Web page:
Adapting and Leading by Example

There is irony in the fact that while newspaper headlines are littered with questions of the value of a college education, it is inescapable that knowledge-based innovation drives the economy. A recent study conducted by the Georgetown University Center on Education and Workforce stated that by 2018, nearly two-thirds of new job openings will require some college education.

Increasingly, colleges and universities are adapting to their new responsibilities as economic engines. The creation and transfer of knowledge is still the paramount mission. Institutional leaders, however, particularly at the more prominent research universities, understand that additional expectations have been placed upon them.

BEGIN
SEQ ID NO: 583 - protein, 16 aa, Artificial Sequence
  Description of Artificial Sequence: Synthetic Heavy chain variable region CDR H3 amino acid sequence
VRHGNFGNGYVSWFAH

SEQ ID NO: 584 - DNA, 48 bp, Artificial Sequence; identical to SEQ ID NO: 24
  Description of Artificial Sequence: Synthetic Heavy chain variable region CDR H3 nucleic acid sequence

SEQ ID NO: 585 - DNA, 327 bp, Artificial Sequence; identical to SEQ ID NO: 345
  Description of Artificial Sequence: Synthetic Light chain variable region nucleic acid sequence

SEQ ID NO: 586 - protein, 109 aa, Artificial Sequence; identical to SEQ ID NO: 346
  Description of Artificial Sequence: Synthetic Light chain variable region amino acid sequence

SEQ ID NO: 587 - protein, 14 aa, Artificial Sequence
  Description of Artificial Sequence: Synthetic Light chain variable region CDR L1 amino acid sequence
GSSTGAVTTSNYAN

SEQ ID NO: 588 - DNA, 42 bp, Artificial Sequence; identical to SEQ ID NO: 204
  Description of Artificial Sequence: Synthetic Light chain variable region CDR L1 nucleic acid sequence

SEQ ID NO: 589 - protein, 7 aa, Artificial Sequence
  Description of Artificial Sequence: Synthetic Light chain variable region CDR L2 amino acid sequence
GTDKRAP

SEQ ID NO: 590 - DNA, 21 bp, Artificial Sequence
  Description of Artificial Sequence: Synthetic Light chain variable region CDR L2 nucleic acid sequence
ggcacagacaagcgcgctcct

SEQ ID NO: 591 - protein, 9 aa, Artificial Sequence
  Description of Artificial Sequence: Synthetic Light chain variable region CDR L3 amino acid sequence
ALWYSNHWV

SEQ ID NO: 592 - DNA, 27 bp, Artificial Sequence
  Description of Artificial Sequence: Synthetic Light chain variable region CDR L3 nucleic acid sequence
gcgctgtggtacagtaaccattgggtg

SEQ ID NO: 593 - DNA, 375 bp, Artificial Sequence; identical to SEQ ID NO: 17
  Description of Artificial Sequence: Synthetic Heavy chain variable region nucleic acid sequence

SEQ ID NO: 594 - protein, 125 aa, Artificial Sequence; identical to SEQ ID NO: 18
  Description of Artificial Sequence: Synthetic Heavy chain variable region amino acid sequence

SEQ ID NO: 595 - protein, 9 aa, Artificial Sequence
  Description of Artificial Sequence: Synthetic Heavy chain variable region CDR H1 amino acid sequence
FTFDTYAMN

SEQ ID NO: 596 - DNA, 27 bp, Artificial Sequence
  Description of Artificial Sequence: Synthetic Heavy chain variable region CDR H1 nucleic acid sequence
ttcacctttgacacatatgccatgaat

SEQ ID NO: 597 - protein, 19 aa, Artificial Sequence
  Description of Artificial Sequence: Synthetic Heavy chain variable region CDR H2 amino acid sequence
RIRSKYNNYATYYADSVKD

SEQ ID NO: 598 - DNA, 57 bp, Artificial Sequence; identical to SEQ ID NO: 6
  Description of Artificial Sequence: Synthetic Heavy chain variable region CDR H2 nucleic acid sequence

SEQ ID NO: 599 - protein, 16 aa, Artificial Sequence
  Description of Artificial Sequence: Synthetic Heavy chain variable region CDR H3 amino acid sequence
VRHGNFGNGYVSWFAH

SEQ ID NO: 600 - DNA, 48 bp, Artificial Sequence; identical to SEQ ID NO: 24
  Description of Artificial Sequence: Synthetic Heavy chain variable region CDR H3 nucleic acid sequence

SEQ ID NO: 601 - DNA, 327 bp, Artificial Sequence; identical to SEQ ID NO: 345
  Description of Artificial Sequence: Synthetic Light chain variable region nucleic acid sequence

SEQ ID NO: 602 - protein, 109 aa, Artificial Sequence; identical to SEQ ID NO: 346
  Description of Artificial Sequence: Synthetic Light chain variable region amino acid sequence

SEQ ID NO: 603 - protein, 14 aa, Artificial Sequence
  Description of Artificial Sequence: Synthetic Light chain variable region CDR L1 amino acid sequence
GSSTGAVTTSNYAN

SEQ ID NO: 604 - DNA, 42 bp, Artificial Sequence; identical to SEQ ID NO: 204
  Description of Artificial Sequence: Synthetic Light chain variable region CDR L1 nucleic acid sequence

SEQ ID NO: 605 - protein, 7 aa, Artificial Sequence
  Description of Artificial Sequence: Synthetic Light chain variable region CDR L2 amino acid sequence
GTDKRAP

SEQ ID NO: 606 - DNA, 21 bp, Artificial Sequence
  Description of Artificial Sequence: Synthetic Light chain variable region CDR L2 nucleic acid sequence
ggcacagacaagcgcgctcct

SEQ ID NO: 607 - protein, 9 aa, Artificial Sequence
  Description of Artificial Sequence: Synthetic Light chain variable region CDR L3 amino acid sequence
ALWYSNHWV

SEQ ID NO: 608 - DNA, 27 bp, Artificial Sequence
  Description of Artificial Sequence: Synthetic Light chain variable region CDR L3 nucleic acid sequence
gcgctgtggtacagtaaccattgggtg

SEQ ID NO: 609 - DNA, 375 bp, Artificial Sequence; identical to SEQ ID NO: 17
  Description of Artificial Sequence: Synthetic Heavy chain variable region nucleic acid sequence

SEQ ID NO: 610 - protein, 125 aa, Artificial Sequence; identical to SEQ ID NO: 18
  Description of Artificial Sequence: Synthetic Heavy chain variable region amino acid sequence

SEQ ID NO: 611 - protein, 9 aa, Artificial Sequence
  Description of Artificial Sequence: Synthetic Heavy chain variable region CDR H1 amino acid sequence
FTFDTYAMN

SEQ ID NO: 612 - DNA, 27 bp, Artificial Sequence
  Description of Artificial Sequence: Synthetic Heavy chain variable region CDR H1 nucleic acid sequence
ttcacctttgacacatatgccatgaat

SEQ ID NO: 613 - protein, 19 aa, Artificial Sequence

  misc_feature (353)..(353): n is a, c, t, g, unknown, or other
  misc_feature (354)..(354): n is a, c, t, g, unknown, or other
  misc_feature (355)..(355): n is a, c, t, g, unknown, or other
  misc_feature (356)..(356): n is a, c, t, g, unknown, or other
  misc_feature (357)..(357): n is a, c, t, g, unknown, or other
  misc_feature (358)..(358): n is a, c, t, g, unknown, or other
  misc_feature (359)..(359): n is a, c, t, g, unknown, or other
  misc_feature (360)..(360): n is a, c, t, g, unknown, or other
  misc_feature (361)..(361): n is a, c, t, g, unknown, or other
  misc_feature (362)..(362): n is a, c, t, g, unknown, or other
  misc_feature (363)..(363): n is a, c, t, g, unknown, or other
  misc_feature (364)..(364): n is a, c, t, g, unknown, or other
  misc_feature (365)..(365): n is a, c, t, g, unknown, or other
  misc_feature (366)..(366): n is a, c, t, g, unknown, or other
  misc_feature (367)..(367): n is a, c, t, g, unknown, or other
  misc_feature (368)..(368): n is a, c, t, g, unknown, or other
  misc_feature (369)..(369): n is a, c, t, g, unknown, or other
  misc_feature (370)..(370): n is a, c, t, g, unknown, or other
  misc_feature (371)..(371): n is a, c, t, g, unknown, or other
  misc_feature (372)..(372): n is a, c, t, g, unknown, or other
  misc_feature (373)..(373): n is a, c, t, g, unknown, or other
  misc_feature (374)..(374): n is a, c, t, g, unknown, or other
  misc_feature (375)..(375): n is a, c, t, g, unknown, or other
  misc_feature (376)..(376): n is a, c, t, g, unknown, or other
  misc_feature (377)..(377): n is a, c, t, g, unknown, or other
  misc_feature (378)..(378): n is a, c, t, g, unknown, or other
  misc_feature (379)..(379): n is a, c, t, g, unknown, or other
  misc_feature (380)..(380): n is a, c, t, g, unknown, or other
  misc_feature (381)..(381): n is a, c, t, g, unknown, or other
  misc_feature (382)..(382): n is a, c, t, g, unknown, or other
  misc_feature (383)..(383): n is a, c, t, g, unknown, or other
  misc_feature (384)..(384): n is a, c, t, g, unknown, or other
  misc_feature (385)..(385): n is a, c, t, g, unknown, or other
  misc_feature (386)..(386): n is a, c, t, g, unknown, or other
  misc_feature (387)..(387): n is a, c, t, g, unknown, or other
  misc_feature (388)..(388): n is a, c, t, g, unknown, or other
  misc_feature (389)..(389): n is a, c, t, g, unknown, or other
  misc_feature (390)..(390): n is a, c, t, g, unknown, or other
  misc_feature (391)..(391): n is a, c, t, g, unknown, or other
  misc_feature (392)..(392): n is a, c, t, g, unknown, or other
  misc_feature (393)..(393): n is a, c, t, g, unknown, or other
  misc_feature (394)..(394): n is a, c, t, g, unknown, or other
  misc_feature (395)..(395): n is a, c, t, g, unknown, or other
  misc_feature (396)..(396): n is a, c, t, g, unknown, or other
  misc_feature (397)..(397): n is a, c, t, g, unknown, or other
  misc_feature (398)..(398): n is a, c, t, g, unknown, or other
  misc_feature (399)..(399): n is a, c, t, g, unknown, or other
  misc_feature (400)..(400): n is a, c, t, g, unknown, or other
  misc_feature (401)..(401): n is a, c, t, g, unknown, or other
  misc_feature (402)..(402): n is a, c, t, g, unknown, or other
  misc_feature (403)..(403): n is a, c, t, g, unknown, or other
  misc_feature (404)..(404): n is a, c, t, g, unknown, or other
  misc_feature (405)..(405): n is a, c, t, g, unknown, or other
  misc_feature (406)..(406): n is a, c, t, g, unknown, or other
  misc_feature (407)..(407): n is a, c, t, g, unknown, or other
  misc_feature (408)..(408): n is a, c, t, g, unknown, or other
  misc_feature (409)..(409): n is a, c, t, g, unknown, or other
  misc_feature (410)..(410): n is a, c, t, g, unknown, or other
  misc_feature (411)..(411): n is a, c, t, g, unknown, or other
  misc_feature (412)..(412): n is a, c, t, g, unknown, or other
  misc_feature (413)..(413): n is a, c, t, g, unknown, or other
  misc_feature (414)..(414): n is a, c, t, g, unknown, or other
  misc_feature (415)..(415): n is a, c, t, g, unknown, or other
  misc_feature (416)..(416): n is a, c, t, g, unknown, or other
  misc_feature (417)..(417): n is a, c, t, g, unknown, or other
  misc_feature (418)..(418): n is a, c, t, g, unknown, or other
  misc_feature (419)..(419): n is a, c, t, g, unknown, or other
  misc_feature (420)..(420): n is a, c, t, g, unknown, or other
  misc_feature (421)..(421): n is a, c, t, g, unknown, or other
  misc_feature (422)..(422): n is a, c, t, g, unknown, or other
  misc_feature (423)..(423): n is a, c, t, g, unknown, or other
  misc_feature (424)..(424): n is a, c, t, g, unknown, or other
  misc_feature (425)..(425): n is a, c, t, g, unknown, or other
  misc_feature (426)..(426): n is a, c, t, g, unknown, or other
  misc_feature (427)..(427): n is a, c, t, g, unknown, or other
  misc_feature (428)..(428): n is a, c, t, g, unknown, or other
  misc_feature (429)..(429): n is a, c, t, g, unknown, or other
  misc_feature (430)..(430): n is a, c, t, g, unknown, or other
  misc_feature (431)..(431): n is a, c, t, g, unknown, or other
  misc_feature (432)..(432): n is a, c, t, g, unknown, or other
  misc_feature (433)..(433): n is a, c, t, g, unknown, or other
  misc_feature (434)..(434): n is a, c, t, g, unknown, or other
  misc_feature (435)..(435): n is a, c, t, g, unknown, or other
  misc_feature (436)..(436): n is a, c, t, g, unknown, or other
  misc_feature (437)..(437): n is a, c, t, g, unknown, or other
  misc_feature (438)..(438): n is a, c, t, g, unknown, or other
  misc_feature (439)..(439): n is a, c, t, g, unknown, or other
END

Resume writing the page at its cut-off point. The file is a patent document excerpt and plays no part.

As President Seligman has told me, no longer can institutions of higher learning sit back and only offer theories for success. It will be the responsibility of colleges and universities to lead by example. 

Duncan Moore is the Rudolf and Hilda Kingslake professor of Optical Engineering, vice provost for Entrepreneurship, and former dean of Engineering and Applied Sciences at the University of Rochester. He has served as president of the Optical Society of America, a professional organization with more than 12,000 members throughout the world, and from 1997 to 2000 he served as associate director for Technology in The White House Office of Science and Technology Policy. He can be contacted at [email protected].